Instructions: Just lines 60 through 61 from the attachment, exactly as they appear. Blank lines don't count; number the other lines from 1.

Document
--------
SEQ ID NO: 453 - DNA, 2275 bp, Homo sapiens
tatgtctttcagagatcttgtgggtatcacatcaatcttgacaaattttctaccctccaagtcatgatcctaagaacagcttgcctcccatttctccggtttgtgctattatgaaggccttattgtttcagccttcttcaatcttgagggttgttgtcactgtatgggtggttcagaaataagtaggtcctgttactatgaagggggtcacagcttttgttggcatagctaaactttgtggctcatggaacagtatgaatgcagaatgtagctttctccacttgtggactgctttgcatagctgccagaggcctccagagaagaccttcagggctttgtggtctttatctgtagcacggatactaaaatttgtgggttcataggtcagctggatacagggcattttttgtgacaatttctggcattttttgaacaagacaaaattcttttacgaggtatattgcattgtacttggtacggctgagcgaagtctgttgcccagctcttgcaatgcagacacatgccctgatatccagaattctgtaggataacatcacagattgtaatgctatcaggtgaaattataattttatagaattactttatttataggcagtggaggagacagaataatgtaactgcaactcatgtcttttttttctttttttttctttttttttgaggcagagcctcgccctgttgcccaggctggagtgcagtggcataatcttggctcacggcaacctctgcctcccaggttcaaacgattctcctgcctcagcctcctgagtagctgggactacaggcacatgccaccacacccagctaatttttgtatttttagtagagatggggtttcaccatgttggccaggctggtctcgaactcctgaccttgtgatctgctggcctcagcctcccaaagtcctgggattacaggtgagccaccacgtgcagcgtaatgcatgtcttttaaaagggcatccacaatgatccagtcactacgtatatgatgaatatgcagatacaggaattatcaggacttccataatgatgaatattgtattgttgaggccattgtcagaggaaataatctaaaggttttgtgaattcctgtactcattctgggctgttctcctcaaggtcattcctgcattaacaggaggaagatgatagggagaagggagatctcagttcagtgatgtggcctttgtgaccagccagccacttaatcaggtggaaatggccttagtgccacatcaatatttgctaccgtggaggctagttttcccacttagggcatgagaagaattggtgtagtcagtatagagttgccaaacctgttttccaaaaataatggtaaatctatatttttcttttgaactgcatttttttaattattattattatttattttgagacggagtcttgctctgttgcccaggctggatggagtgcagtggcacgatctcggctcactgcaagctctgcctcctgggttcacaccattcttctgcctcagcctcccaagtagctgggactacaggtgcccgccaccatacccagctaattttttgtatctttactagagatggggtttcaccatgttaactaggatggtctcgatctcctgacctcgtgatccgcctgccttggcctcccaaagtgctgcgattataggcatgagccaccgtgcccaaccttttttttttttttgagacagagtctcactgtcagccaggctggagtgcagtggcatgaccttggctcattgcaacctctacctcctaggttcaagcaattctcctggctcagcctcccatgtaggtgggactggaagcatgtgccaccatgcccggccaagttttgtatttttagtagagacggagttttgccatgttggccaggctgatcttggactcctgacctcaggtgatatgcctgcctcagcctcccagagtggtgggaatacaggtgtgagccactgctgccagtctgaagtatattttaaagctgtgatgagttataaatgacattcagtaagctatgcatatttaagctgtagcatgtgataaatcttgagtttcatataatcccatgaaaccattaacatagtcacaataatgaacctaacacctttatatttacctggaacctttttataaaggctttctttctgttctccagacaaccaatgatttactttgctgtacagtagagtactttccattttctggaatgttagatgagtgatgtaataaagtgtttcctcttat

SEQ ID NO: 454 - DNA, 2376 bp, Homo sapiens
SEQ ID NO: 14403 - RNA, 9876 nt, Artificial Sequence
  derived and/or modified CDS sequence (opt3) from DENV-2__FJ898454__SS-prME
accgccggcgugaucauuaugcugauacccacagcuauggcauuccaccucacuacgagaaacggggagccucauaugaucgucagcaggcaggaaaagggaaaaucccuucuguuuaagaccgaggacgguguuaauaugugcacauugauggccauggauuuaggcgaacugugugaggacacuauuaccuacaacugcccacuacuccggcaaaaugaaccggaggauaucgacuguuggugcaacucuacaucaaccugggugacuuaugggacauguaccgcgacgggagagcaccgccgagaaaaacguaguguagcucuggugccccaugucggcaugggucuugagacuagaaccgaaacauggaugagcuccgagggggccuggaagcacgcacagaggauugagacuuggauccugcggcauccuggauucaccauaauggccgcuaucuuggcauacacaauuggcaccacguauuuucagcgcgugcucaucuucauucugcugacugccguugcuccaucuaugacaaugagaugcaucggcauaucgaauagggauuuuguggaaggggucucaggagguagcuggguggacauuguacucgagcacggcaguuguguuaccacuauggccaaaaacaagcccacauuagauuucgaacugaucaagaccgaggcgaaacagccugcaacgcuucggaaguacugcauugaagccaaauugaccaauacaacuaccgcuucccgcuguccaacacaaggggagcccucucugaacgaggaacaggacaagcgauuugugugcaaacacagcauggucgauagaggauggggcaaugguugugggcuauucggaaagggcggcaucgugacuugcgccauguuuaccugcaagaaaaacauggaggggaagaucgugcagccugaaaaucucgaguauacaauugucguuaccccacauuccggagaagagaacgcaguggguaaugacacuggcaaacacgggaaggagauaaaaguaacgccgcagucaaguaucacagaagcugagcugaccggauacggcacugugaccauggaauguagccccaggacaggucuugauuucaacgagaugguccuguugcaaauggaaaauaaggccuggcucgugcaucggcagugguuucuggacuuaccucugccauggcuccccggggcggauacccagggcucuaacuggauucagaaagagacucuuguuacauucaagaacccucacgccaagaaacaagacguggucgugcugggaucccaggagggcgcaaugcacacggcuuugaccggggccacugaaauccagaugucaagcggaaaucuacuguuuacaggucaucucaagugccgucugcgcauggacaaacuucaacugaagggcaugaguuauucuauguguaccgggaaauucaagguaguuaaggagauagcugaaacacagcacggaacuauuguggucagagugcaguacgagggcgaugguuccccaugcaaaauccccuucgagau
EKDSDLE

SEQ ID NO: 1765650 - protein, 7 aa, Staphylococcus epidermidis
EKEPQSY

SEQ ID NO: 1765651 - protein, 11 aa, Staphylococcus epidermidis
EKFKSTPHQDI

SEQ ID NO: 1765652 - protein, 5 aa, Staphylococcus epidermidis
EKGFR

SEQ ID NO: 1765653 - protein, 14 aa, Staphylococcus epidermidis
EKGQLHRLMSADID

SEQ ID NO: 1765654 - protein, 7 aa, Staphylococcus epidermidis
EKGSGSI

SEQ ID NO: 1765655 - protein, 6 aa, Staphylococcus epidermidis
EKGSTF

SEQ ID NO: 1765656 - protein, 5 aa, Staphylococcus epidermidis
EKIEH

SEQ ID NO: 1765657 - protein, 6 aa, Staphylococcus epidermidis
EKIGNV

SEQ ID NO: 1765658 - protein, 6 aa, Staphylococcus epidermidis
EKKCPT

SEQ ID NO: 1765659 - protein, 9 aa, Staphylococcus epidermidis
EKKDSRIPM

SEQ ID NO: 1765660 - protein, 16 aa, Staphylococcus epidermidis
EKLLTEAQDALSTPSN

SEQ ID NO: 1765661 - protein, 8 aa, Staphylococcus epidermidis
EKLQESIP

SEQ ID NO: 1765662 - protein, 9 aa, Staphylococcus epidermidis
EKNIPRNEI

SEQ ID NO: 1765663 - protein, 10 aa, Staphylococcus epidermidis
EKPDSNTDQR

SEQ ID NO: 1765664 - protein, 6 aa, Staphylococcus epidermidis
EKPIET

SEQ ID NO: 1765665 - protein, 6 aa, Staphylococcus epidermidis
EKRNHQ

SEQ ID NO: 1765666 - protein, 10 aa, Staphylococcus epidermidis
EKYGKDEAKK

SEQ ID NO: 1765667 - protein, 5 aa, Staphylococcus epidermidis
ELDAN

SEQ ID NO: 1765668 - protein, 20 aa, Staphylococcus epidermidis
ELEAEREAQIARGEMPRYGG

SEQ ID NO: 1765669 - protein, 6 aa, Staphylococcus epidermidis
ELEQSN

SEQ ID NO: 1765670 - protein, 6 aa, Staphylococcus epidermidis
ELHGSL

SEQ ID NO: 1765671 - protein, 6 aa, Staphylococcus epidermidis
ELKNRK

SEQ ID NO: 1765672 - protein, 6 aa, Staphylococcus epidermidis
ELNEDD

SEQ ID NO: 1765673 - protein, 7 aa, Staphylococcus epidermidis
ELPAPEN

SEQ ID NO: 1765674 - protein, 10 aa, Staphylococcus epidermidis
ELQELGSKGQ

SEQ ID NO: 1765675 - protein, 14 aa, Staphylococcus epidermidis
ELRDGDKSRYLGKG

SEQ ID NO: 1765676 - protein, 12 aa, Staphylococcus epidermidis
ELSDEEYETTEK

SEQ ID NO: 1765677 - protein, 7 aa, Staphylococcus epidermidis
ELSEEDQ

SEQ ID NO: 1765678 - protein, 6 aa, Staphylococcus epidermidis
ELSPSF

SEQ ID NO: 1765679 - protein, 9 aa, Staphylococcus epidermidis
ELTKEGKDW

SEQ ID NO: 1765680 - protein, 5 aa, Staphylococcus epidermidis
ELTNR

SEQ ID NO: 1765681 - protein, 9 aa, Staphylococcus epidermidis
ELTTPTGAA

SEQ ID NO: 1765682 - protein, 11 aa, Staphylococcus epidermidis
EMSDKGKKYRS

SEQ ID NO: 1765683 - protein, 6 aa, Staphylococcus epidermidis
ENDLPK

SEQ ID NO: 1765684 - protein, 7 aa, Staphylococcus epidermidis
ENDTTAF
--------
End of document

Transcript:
SEQ ID NO: 1765676 - protein, 12 aa, Staphylococcus epidermidis
ELSDEEYETTEK